Acknowledging “we may never have a conclusive picture of what happened,” two Colorado school districts sought to move past a controversy over whether a Confederate flag was displayed at a football game and open a conversation between the two school communities.

The principal of Manual High, Nick Dawkins, wrote in a community letter over the weekend that the visiting Weld Central High School team “displayed a Confederate flag during the first quarter of the (Friday night) game, offending many members of the Manual community.”

Officials from Denver Public Schools and Weld County School District Re-3J released a joint letter Tuesday saying that based “on what we have learned to date, however, the Weld Central team did not display the Confederate flag.” At the same time, it said, multiple Manual eyewitnesses “reported seeing spectators who attempted to bring a Confederate flag into the game and clothing with flag images.”

Going forward, students from the two schools — one rural and one urban — will participate in a student leadership exchange that has student leaders visit each other’s schools and communities to “share ideas and perspectives,” the letter says.

“At a time in our country when so many are divided, we want our students instead to come together, share ideas and learn together,” says the letter, which is signed by the principals of both schools and the superintendents of both school districts.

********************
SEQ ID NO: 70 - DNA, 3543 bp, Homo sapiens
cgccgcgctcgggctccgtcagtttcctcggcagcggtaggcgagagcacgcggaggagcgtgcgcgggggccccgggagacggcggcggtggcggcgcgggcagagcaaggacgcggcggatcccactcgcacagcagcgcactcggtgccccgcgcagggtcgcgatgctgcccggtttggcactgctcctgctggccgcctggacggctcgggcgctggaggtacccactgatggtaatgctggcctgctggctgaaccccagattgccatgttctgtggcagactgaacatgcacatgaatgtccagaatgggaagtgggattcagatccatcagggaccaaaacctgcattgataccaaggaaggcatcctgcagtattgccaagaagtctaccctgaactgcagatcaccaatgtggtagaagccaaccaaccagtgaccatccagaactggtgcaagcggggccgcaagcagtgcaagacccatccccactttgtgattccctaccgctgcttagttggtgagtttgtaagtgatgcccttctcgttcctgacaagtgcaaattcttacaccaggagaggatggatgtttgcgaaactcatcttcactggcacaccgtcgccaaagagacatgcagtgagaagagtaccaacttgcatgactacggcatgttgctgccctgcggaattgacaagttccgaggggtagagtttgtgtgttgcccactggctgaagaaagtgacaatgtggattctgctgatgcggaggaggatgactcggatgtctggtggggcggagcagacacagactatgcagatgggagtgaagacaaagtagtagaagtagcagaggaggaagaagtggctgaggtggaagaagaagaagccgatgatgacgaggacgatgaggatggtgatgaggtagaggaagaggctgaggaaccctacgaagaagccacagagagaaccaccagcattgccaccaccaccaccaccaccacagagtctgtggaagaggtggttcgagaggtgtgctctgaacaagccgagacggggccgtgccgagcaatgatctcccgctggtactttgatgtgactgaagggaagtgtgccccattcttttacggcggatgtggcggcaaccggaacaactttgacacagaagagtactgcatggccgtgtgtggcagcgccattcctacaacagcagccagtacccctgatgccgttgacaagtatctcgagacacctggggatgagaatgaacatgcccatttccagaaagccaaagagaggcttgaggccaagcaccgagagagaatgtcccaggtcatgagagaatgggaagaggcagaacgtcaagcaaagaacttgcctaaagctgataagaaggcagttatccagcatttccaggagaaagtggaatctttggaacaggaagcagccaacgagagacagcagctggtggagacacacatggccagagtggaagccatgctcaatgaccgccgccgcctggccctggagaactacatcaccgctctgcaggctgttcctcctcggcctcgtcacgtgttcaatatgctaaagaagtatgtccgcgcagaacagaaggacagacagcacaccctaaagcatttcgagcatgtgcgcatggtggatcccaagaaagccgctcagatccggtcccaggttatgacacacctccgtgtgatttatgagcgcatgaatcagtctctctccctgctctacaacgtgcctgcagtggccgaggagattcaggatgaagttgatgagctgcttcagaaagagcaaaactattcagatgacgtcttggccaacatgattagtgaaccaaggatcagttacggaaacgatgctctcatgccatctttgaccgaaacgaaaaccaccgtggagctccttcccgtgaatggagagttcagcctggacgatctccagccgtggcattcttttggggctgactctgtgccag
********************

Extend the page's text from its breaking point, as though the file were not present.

The alleged incident took place at a time when issues of race, social injustice, politics and sports are colliding in the United States, making for tough conversations, including in classrooms.

Weld Central’s mascot is a Rebel. Manual, whose mascot is the Thunderbolts, is located in one of Denver’s historically African-American neighborhoods.

Dawkins in his initial community letter also said “the tension created by the flag led to conflict on and off the playing field,” and that three Manual players were injured, including one who went to the hospital with a leg injury. He also said some Manual players reported that Weld Central players “taunted them with racial slurs.”

Weld Central officials vehemently denied that their team displayed the flag. In addition, they said in their own community letter they had “no evidence at this point that any of our student athletes displayed racially motivated inappropriate behavior.”

They said district officials “do not condone any form of racism,” including the Confederate flag.

Weld Central fans told the Greeley Tribune that they didn’t see any Confederate flag.

Read the full text below.